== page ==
International Music House [IMH] was the most prominent music school in Kuching, and at that time, Universiti Malaysia Sabah [UMS] was offering a franchise programme with them. I was not interested to go over to Peninsular, and since IMH had a programme which would link straight to UMS, I took it then came to KK and continued my studies at UMS for three years.”
Taking a Music degree at UMS was a learning experience for Yvonne in more ways than one. She admits that she has changed her mindset in some important ways, particularly relating to music students who are late starters.
“When I came to UMS, I believed university was a place that not everyone can go into. I had got through my diploma, given up my time and studied so hard to make sure I get good results so that I can get a place in UMS. But it turns out that people from matrics or Form 6 who don’t have any music background can take Music, as long as they know how to sing. Also, teachers who need a degree are allowed to take Music. I felt it was quite unfair for me, after working so hard, to suddenly be studying with some people who not have much exposure to music theory. But eventually I accepted it and took it positively that it was for my benefit that I had to struggle hard, to know that kind of discipline.”
But then we talked about people we know, and listed SIA Head of Academic Jessel Yansalang, and RTM Kombo Leader Moses de Silva, as UMS Music graduates who did not know how to read music when they entered UMS, and yet they became highly accomplished performing musicians and teachers in their own right.
“Yes,” agreed Yvonne. “There is this friend of ours who played in the KK Jazz Festival with us, Aldrich Tan. He didn’t start his violin when he was a young child, he took it quite late. He has only studied violin for four or five years and he is in MIA [Malaysian Institute of Art] pursuing his diploma there. So I believe no matter how late you start, there is always a chance.
“A lot of my students have very little knowledge of music when they start, but most of them graduate to become very good musicians in the end. So it really has changed my view.”
After graduation, the [then] Head of Music Jessel Yansalang asked Yvonne to join the staff as many of his colleagues were attending KPLI [Kursus Perguruan Lepasan Ijazah] or teacher training. Yvonne began as a part-time lecturer in January 2007.
“After a year, I eventually become a full-time lecturer, Jessel was still Head of Music. One-and-a-half years later he was promoted to Head of Academic, so I took over as Head of Music. Jessel and I work very well together. We really put our hearts into upgrading the syllabus, trying to bring out the best in everything we know.”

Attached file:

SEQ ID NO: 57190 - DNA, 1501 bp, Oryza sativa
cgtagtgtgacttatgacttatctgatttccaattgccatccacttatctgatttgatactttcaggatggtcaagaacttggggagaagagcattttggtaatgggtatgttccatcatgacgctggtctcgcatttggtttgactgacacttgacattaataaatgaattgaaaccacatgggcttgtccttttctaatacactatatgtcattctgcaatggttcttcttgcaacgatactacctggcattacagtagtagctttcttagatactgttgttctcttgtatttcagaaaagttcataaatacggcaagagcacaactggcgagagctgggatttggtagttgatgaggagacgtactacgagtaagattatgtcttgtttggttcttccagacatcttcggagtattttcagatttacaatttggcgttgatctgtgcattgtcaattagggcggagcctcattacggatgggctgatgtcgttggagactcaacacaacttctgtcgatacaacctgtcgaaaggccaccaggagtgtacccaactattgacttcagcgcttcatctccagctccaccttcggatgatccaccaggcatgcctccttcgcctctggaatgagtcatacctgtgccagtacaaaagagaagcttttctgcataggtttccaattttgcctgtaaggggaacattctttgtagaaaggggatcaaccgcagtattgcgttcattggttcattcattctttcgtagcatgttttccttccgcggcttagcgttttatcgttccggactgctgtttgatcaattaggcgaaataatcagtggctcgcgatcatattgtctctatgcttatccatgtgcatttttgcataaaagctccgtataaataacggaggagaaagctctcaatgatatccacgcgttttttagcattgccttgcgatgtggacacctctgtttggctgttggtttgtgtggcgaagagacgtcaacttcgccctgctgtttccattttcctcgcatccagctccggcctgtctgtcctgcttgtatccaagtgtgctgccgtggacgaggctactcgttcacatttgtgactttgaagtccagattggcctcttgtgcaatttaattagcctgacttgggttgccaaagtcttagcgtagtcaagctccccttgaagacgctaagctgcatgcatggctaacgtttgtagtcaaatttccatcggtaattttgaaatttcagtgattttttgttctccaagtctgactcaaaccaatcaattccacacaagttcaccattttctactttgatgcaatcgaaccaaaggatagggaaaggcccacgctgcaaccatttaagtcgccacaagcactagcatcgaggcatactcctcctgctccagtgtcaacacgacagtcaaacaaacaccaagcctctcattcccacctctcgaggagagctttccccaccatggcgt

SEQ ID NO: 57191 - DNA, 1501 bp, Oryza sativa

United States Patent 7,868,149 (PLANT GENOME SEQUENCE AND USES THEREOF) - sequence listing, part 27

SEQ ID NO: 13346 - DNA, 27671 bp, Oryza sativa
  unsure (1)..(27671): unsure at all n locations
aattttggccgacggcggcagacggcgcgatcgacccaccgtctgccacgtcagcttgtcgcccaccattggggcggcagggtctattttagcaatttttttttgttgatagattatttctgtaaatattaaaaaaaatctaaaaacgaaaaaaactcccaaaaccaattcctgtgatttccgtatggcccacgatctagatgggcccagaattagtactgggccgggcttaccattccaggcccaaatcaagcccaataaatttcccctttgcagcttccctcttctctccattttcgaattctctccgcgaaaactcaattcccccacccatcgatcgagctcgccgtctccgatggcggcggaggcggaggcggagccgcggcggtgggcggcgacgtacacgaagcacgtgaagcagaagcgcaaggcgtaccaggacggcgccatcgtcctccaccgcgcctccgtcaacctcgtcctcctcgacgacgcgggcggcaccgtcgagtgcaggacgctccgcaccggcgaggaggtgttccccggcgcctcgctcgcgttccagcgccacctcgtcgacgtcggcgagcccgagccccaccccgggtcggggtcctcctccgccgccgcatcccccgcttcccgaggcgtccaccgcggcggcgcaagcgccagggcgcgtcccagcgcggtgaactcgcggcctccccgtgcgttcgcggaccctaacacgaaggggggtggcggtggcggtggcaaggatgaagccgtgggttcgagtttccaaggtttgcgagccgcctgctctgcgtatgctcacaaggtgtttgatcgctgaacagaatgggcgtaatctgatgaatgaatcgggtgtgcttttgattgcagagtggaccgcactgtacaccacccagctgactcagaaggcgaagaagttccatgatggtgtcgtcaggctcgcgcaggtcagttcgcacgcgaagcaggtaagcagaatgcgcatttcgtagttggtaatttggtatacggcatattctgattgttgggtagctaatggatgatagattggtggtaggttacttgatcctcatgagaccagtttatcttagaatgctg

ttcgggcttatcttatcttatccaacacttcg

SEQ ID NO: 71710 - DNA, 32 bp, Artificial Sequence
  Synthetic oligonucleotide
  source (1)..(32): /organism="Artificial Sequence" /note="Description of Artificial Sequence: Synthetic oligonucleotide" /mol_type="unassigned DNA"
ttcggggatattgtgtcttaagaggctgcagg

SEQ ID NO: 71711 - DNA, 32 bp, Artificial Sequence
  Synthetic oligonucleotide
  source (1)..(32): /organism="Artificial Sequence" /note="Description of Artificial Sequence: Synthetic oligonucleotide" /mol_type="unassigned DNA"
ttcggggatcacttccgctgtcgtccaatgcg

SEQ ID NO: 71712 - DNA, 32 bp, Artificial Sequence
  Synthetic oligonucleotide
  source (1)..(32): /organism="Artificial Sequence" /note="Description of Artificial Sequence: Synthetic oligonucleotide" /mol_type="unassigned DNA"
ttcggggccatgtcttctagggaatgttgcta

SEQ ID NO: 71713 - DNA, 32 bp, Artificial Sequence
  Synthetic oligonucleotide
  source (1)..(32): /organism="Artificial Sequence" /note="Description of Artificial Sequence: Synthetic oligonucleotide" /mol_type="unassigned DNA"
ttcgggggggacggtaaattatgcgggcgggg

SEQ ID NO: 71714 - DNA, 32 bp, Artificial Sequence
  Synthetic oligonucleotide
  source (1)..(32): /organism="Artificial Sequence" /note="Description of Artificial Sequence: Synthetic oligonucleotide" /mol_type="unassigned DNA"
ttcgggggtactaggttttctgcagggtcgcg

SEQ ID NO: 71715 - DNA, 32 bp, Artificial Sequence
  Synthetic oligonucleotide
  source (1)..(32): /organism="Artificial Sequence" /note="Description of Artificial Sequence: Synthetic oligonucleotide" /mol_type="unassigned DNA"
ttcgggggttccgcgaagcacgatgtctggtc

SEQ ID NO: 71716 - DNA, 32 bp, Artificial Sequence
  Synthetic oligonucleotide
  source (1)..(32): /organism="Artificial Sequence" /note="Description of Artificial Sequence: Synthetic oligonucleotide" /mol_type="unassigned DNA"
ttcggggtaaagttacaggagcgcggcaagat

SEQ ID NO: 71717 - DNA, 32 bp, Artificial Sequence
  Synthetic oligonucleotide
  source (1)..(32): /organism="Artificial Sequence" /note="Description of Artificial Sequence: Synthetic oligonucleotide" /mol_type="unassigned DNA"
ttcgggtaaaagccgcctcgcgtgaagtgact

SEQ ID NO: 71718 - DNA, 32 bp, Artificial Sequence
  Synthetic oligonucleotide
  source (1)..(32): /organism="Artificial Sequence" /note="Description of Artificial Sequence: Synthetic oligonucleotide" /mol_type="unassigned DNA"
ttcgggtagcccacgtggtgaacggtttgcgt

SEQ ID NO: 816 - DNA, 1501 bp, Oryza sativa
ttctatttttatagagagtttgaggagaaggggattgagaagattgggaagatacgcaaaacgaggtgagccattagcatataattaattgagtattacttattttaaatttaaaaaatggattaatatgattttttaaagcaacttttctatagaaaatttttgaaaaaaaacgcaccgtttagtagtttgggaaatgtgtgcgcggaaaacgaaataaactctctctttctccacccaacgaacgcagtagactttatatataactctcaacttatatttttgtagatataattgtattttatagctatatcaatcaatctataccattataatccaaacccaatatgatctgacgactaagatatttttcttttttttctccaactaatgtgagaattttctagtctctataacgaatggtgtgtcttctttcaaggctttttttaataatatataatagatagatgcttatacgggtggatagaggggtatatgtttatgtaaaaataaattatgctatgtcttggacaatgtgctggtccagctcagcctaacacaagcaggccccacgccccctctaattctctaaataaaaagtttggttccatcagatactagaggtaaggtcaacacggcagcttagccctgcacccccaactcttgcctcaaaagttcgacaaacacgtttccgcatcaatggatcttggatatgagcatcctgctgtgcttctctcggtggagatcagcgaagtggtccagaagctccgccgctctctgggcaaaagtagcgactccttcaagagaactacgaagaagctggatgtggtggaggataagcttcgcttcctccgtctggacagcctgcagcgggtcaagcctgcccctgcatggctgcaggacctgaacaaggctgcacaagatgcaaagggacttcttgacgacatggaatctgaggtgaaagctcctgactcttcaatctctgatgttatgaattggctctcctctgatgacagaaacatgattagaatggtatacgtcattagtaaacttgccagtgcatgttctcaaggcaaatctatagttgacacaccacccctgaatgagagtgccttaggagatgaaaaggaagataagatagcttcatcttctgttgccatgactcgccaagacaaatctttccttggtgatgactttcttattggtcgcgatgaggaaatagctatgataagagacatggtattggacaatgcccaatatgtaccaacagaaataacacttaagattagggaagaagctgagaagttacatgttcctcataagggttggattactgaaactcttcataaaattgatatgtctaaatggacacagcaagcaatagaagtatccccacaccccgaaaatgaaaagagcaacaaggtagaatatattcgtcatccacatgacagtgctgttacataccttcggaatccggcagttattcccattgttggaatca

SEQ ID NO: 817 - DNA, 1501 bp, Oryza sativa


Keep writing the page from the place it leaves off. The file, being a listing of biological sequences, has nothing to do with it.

“As a teacher, what makes me happiest is, of course, the student’s achievement. When they come back with an achievement – ‘Battle of the Bands’ or whatever competition, or if they excel at their studies – that’s always my happiest moment.”
However, Yvonne has learnt not to always pressure her students to work the way she works herself. “There was one point where I talked to Jessel. I said, ‘I feel very disappointed, because I care too much about my students. I want so much for them.’ Jessel said, ‘This kind of thing, you just have to relax. You cannot put too much of yourself inside, because it will be very hard for yourself. No matter how much you care for your students, if your students don’t work for it, they’re not going to go anywhere.’ So eventually I had to take his advice.
“The most we teach you is 30 pct. The other 70 pct is how you work it, how you study, how you practise it. I believe so,” she said.
“Of course I’m looking at the parents’ financial side as well – studying Music at SIA is expensive: the books, the instruments, the fees, your parents have to put money on these things.
“We have quite a number of students who we have to stop from entering class, because they have no money to pay fees, so we can’t allow them to enter class. That’s such a pity! On the other hand, there are also a bunch of students where their fees are all clear, all they have to do is come for class, but they never even show up for class.
“Parents know how hard it is to earn money. My advice is, ‘Do you really want to study music? Once you are in music all you really have to do is practise. Practise, practise, practise! Regardless of what subject you are taking up, whatever instruments you are choosing.”
“Once you decide to take Music, don’t stop half-way. There are always people who start to take Music, and half-way they can’t cope and think, ‘Oh this is not for me’. But if you have the passion, no matter how hard it is, just strive for it. Like people always say, ‘If you start something, make sure you end it.'”